“Rishi Sunak has insisted there will be no “return to austerity” as he prepares to announce up to £2 billion to build new prisons and schools, and recruit thousands of additional police officers. The Chancellor will confirm a number of multi-year settlements to deliver on Boris Johnson’s flagship manifesto pledges at Wednesday’s spending review, insisting that public services will remain “at the heart of our economic renewal”. He will unveil a £1.25 billion cash injection to help fix Britain’s struggling penal system, as part of a £4 billion settlement over four years intended to deliver 18,000 additional prison places.” – Daily Telegraph

> Yesterday:

… as unions threaten public sector strike over pay freeze for millions

“Unions have warned ministers that freezing pay for four million workers risks a public sector strike, in a further sign of the backlash against plans to repair the damage that the pandemic has done to the nation’s finances. Frances O’Grady, general secretary of the TUC, said that proposals for a public sector pay freeze were “morally obscene” and refused to rule out industrial action. “There’s still time for the government to step back and I would encourage them to think again,” she said.” – The Times

> Today:

Johnson prepares significant Brexit intervention as negotiators begin the ‘final push’…

“Boris Johnson is preparing to make a significant intervention in the Brexit trade talks this week as negotiators begin the “final push” before a deadline in eight days’ time. The Prime Minister is expected to speak to European Commission President Ursula von der Leyen in an attempt to clear away the final barriers to a deal which both sides now believe is well within reach. Agreements on fishing and state aid remain the two stumbling blocks, and EU leaders have set a deadline of Tuesday next week for all remaining disagreements to be resolved.” – Daily Telegraph

  • Britain opposes EU’s bid for renegotiation in 2030 – The Times

… as he tells the Cabinet he won’t accept bullying

“Boris Johnson spoke out against bullying yesterday during a cabinet meeting and referred to Winston Churchill’s wife imploring him to be kind. The prime minister last week overruled Sir Alex Allan, his adviser on ethics, as he cleared Priti Patel, the home secretary, of breaching the ministerial code. Sir Alex found Ms Patel had “unintentionally” bullied civil servants but Mr Johnson argued that the cases were not clear. Sir Alex subsequently resigned. Mr Johnson told cabinet he would not accept bullying and referred to Clementine Churchill, who in 1940 wrote to her husband after one of his friends had complained of his “rough, sarcastic and overbearing manner”.” – The Times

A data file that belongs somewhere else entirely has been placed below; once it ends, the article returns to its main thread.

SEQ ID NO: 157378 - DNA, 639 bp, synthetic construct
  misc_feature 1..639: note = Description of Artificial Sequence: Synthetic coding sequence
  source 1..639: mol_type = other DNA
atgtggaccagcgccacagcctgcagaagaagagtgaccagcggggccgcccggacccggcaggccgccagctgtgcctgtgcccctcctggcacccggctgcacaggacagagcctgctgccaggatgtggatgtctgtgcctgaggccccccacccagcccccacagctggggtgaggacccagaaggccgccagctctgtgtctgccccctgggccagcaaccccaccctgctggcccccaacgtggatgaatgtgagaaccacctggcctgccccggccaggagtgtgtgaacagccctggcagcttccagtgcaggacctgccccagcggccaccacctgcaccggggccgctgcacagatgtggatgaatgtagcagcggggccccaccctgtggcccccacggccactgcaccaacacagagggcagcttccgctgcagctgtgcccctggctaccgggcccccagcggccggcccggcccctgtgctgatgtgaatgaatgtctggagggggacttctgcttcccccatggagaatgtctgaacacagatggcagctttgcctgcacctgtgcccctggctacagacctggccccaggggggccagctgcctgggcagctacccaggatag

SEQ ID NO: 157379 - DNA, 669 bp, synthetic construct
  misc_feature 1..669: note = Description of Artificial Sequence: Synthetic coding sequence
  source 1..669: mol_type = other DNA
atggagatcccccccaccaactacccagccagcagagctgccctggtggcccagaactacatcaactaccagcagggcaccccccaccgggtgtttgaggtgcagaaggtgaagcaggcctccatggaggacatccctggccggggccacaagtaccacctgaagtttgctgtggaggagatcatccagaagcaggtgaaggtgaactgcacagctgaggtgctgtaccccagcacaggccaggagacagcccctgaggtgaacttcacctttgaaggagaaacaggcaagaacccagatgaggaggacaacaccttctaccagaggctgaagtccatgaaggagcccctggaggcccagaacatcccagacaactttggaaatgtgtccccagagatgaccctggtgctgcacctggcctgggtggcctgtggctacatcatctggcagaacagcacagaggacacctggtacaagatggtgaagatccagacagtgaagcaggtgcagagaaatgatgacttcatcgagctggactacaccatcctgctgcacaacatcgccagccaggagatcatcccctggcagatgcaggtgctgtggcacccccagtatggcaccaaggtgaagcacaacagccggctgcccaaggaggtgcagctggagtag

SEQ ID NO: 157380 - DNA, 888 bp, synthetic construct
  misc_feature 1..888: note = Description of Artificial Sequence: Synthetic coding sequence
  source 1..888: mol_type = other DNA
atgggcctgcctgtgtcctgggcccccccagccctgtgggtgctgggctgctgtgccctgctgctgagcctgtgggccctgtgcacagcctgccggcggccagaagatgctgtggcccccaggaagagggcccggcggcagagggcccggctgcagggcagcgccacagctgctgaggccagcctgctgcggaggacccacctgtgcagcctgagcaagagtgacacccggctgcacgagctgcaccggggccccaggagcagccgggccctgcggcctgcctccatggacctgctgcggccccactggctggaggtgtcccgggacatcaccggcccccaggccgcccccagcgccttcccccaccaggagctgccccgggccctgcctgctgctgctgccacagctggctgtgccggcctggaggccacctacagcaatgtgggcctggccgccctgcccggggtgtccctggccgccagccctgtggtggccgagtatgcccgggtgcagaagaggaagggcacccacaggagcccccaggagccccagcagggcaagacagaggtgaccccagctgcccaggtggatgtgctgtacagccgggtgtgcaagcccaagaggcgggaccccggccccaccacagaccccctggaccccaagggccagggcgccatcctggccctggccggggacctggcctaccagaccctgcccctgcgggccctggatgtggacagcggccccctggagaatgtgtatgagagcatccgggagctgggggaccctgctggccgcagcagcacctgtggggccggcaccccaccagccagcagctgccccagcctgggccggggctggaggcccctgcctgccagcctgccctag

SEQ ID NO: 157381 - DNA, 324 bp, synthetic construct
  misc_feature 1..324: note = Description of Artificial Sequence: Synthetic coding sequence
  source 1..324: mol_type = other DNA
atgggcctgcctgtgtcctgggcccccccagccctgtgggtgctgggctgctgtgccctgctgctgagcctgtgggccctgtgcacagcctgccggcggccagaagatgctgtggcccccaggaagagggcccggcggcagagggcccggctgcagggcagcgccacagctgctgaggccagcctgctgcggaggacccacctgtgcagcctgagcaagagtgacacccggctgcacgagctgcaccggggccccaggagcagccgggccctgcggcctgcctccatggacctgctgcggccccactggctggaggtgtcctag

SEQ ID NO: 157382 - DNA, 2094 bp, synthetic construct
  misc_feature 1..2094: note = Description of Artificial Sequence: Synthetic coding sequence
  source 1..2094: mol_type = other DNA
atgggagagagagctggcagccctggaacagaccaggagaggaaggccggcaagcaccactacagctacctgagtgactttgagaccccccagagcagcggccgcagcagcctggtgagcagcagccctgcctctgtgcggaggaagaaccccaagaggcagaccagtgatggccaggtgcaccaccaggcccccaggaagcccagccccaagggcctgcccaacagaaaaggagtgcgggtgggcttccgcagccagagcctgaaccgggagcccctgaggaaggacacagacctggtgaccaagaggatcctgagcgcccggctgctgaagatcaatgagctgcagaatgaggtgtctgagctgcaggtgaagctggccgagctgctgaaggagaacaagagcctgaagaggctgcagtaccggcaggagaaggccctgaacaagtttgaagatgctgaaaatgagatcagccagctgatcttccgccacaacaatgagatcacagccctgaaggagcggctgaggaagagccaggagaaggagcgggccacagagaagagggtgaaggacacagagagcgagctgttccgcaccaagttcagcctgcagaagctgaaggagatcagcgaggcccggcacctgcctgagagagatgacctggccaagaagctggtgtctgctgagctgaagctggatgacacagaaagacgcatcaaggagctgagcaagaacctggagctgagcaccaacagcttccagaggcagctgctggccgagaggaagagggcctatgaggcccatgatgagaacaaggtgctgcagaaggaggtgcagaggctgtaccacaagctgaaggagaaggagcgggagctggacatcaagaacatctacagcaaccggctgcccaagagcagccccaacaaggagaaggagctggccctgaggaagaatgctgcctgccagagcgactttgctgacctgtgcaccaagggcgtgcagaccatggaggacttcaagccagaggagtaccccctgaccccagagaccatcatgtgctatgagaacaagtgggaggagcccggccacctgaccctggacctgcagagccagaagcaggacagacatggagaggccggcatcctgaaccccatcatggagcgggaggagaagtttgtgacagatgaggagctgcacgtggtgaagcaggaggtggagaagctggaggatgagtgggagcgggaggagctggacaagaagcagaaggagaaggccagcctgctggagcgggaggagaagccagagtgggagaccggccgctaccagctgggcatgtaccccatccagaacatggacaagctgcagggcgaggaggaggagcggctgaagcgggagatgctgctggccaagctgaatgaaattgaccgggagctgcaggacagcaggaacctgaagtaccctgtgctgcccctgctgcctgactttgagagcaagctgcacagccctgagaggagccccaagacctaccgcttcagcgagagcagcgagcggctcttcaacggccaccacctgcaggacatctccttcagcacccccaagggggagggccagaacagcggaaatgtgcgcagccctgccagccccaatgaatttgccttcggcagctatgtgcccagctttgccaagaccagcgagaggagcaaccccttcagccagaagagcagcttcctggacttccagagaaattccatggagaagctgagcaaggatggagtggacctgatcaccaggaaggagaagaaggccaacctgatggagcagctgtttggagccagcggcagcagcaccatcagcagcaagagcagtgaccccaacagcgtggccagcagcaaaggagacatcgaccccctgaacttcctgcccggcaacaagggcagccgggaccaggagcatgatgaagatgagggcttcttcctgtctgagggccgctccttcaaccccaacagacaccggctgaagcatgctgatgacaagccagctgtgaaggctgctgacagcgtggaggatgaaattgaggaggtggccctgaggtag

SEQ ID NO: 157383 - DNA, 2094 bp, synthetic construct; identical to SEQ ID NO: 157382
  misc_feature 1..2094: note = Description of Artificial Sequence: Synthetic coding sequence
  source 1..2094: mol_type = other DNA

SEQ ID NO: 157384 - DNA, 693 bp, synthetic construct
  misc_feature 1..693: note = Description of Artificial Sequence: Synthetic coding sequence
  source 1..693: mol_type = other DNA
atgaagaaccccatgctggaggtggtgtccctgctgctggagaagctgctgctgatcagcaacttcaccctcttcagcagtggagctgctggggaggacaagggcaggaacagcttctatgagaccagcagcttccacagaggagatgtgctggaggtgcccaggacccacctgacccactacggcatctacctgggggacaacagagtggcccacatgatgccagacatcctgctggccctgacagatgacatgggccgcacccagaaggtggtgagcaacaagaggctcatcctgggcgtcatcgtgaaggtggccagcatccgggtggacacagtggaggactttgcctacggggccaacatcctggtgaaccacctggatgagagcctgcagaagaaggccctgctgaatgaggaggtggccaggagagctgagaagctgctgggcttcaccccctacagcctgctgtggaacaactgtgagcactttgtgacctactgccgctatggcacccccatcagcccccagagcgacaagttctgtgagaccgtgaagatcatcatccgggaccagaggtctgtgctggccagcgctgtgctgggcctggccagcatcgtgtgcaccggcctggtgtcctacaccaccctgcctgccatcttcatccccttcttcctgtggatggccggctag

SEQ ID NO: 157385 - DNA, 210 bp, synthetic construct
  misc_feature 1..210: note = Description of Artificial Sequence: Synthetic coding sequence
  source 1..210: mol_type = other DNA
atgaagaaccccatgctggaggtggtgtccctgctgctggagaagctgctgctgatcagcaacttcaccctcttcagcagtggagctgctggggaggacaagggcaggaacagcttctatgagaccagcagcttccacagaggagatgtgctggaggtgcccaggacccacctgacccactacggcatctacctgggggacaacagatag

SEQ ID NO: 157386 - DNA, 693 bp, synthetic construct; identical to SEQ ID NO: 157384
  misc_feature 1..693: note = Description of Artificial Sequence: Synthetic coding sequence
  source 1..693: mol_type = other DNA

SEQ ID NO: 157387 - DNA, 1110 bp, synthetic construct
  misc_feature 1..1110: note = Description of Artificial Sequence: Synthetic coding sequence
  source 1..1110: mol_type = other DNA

Rail nationalisation goes full steam ahead

“The effective renationalisation of the railways has been accelerated after ministers put the industry’s future in the hands of Network Rail and a group of government officials, leaving private sector train operators by the wayside. Grant Shapps, the Transport Secretary, has asked Andrew Haines, the Network Rail chief, to spearhead a 30-year strategy for the railway called the “The Whole Industry Strategic Plan” (WISP), according to leaked internal documents seen by The Telegraph. Handing the publicly-funded organisation control of the project will exacerbate fears that the private sector has been left almost powerless to influence major reform on the railways.” – Daily Telegraph

Tree planting falls despite green pledge for millions more

“Tree planting in England has fallen this year despite the government’s repeated promises to increase it to help tackle climate change. About 1.3 million trees covering a total of 763 hectares were planted with government support in England in the six months from April to September, down from 1.8 million on 1,045 hectares in the same period last year, according to Forestry Commission data. The Conservative manifesto promised to plant 30,000 hectares of trees a year in the UK by 2025 and Boris Johnson repeated that pledge in his ten-point plan for addressing climate change, published on Wednesday.” – The Times

Labour exodus in protest at suspension of Corbyn

“Labour has lost members at a rate of nearly 250 a day since Sir Keir Starmer was elected last spring, with supporters of Jeremy Corbyn leading an exodus from the party. Membership fell by just under 57,000 people, or 10 per cent, between April and November, according to official figures from its internal elections. It is the first time that party figures have shown Labour’s membership falling below half a million since 2016, when Mr Corbyn’s leadership prompted a surge of new members. The departure of Mr Corbyn’s supporters is believed to have hastened in recent weeks as dozens said on social media that they were quitting after he was suspended over antisemitism.” – The Times

News in brief: